7 New Features Added To Google Classroom

Among other features added to Google Classroom, you can now drag and drop entire topics and classwork items, rearranging them easily.

7 New Features Added To Google Classroom

Google Announces New Features In Google Classroom

by TeachThought Staff

At TeachThought, while we love Apple’s products, app ecology, and general aesthetic, we tend towards recommending Google for most classrooms. Though they’re not mutually exclusive, rare is the classroom that has the budget for Chromebooks and iPads. 1:1 is rare; 2:1 is rarer still.

Google Classroom is the result of Google bundling Google Calendar, Google Drive, Gmail, and other services into something simpler for teachers to use. We recently shared 60 ways to use google classroom, and it’s likely we’ll need to follow that post up with an updated version as Google continues to iterate their academic side.

Below, courtesy of the Google Education blog are the latest changes to Google Classroom for the 2020 school year. Below those changes are previous changes to Google Classroom towards the bottom of the page.

See also 30 Of The Best Google Classroom Tools For Teachers

1. Drag & Drop On The Classwork Page

“Last fall, we rolled out the new Classwork page, where instructors can stay organized and map out their classes. But, we know that teachers organize their classes in distinct ways and need additional flexibility in their classroom tools. So now, you can drag and drop entire topics and individual Classwork items, rearranging them easily on the page. You can drag an entire topic to a specific location on the Classwork page, or drag individual items within—and in between—topics. This functionality launched last year on mobile, and now it’s time for it to hit the web.”

2. Refreshed Ux

“Starting today (January 2019), you’ll also see that Classroom has a fresh new look and feel, first on the web, and soon in the Classroom mobile apps. Back in 2014,  we introduced Google’s new material theme to have more consistency across Google products and platforms.  Among the changes, you’ll see a more intuitive design flow—plus a new approach to shape, color, iconography, and typography, on both the web and the mobile app. We’re also making the class code easier to access and project so students can easily find and join. And finally, we’re introducing 78 new themes with custom illustrations, ranging from history to math to hairdressing to photography. Now, you can customize your Classroom more than ever before.”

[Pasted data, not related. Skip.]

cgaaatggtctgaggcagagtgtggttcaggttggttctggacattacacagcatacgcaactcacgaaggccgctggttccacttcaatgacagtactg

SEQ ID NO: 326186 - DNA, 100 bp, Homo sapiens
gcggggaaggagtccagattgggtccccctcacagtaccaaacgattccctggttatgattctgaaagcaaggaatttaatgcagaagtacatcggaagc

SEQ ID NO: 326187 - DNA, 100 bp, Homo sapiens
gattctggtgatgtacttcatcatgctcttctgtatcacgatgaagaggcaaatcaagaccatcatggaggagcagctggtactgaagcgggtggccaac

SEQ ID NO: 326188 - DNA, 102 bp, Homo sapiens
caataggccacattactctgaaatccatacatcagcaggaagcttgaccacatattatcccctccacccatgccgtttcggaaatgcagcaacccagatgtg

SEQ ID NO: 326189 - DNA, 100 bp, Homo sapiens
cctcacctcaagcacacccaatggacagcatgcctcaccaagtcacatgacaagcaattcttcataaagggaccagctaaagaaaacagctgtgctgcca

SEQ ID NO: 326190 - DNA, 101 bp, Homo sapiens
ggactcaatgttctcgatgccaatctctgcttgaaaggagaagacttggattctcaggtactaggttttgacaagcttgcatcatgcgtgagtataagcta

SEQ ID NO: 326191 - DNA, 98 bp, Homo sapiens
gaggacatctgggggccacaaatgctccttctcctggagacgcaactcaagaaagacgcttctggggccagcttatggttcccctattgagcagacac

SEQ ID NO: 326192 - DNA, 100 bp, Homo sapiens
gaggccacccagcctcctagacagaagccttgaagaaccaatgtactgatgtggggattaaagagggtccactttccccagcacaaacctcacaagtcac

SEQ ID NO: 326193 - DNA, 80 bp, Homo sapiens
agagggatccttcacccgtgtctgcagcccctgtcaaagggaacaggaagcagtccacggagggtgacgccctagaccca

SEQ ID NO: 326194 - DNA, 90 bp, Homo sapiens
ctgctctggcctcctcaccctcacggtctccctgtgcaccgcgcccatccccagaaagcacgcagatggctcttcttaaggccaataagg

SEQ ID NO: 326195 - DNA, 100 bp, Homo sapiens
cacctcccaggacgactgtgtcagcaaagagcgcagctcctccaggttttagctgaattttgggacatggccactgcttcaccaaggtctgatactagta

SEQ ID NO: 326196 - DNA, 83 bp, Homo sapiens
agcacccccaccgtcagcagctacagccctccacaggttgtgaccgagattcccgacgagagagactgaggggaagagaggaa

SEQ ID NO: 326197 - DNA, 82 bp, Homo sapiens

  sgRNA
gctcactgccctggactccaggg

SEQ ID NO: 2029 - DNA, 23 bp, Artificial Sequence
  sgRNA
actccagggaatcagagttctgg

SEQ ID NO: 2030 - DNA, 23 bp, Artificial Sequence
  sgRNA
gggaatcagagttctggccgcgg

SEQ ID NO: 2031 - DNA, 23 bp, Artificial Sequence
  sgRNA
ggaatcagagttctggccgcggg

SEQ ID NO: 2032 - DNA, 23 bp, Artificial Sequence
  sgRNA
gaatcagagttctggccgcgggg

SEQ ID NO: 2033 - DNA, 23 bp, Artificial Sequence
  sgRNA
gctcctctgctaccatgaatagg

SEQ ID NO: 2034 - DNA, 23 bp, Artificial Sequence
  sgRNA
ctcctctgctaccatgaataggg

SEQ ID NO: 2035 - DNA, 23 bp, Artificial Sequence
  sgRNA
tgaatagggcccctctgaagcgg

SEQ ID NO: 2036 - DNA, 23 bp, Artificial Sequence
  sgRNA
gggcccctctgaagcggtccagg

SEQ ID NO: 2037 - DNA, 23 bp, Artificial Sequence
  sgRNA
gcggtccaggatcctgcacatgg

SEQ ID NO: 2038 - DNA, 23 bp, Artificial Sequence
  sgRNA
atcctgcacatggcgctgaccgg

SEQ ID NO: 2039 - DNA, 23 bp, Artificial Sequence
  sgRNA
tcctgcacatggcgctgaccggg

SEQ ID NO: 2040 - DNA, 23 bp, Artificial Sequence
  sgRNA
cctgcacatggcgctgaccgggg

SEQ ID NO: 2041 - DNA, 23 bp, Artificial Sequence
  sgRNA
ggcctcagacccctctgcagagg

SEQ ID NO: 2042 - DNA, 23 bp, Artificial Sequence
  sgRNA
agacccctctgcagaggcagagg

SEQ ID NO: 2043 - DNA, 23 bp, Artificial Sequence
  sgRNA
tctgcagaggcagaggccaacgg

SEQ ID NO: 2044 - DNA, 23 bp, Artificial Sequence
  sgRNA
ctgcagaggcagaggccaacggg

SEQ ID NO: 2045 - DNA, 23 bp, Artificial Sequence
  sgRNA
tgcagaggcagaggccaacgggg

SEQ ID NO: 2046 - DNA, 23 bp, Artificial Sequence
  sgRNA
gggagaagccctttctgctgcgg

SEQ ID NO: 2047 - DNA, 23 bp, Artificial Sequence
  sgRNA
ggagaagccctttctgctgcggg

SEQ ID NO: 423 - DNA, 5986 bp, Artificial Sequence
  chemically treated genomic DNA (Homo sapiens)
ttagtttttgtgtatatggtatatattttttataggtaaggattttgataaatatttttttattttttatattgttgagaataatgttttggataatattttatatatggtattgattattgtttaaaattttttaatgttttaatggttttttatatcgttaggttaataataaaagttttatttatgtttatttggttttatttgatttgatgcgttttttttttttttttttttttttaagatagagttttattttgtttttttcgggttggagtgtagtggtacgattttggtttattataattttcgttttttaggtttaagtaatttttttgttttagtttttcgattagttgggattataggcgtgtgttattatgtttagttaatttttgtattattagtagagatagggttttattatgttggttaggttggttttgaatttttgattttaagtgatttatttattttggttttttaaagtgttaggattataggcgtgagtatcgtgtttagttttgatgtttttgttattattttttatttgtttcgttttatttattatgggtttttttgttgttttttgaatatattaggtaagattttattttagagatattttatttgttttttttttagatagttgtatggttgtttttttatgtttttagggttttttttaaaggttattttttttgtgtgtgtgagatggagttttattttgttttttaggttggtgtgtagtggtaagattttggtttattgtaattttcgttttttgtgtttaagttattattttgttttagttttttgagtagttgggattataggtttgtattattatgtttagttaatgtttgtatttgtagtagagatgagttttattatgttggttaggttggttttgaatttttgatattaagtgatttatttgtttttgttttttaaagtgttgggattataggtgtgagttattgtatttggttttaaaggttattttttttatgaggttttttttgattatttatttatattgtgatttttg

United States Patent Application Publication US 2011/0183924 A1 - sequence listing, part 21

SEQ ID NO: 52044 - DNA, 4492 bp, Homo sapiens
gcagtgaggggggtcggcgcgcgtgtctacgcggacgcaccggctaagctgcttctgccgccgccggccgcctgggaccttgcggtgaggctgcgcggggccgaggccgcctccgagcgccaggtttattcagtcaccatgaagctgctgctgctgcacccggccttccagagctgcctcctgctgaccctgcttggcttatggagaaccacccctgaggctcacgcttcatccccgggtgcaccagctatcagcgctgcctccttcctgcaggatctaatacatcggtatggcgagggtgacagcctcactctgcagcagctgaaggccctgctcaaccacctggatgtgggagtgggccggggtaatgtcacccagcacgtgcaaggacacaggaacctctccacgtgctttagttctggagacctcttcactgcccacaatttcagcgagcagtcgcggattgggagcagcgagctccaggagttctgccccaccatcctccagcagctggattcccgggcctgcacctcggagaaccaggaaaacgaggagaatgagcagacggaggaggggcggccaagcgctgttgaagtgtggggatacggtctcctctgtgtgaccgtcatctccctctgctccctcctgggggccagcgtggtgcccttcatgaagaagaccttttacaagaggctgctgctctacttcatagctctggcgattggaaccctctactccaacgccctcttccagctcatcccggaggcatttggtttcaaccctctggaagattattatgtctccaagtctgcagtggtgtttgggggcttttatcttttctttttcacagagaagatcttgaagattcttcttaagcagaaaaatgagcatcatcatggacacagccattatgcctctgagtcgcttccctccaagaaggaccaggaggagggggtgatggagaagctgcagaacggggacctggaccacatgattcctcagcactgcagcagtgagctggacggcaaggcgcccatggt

3. Updated Training & Support

“With new tools and changes comes the need for more support. In the Teacher Center, you’ll find updated videos in our First Day of Classroom trainings with the new design and features we rolled out in 2018. While we’re at it, we built a new and improved Help Center, combined with our Community and product forum.”

Below are previous changes to Google Classroom.

Other/Previous Changes To Google Classroom Prior To 2019-2020 School Year

1. Post Questions

Phan explains, “You can post questions to your class and allow students to have discussions by responding to each other’s answers (or not, depending on the setting you choose). For example, you could post a video and ask students to answer a question about it, or post an article and ask them to write a paragraph in response.”

2. Reuse Assignments

If you reuse curricula year after year–or at least reuse documents, there is an update you might like. Phan explains, “Now you can reuse assignments, announcements or questions from any one of your classes — or any class you co-teach, whether it’s from last year or last week. Once you choose what you’d like to copy, you’ll also be able to make changes before you post or assign it.”

3. Improved Calendar Integration

We love changes that improve workflow. Phan: “In the next month, Classroom will automatically create a calendar for each of your classes in Google Calendar. All assignments with a due date will be automatically added to your class calendar and kept up to date. You’ll be able to view your calendar from within Classroom or on Google Calendar, where you can manually add class events like field trips or guest speakers.”

4. Bump a post

Sticking posts on blogs, tweets, or facebook updates has long been a thing. Now you can do it on Google Classroom as well by moving any post to the top.

5. Due dates optional

Project-based learning, Self-directed learning? Maker ed? If you use long-term projects or other due-date-less assignments, you can now create assignments without due dates in Google Classroom.

6. Attach a Google Form to a post

If you’re a fan of Google Forms (here’s a post on using Google Forms to create a self-graded exam), this is a change you’ll appreciate. Phan explains, “Many teachers have been using Google Forms as an easy way to assign a test, quiz or survey to the class. Coming in the next few weeks, teachers and students will soon be able to attach Google Forms from Drive to posts and assignments, and get a link in Classroom to easily view the answers.”

7. YouTube Functionality

Love YouTube, but concerned with objectionable content? Google hears you. “Because it also contains content that an organization or school might not consider acceptable, last month we launched advanced YouTube settings for all Google Apps domains as an Additional Service. These settings give Apps admins the ability to restrict the YouTube videos viewable for signed-in users, as well as signed-out users on networks managed by the admin. Learn more here.”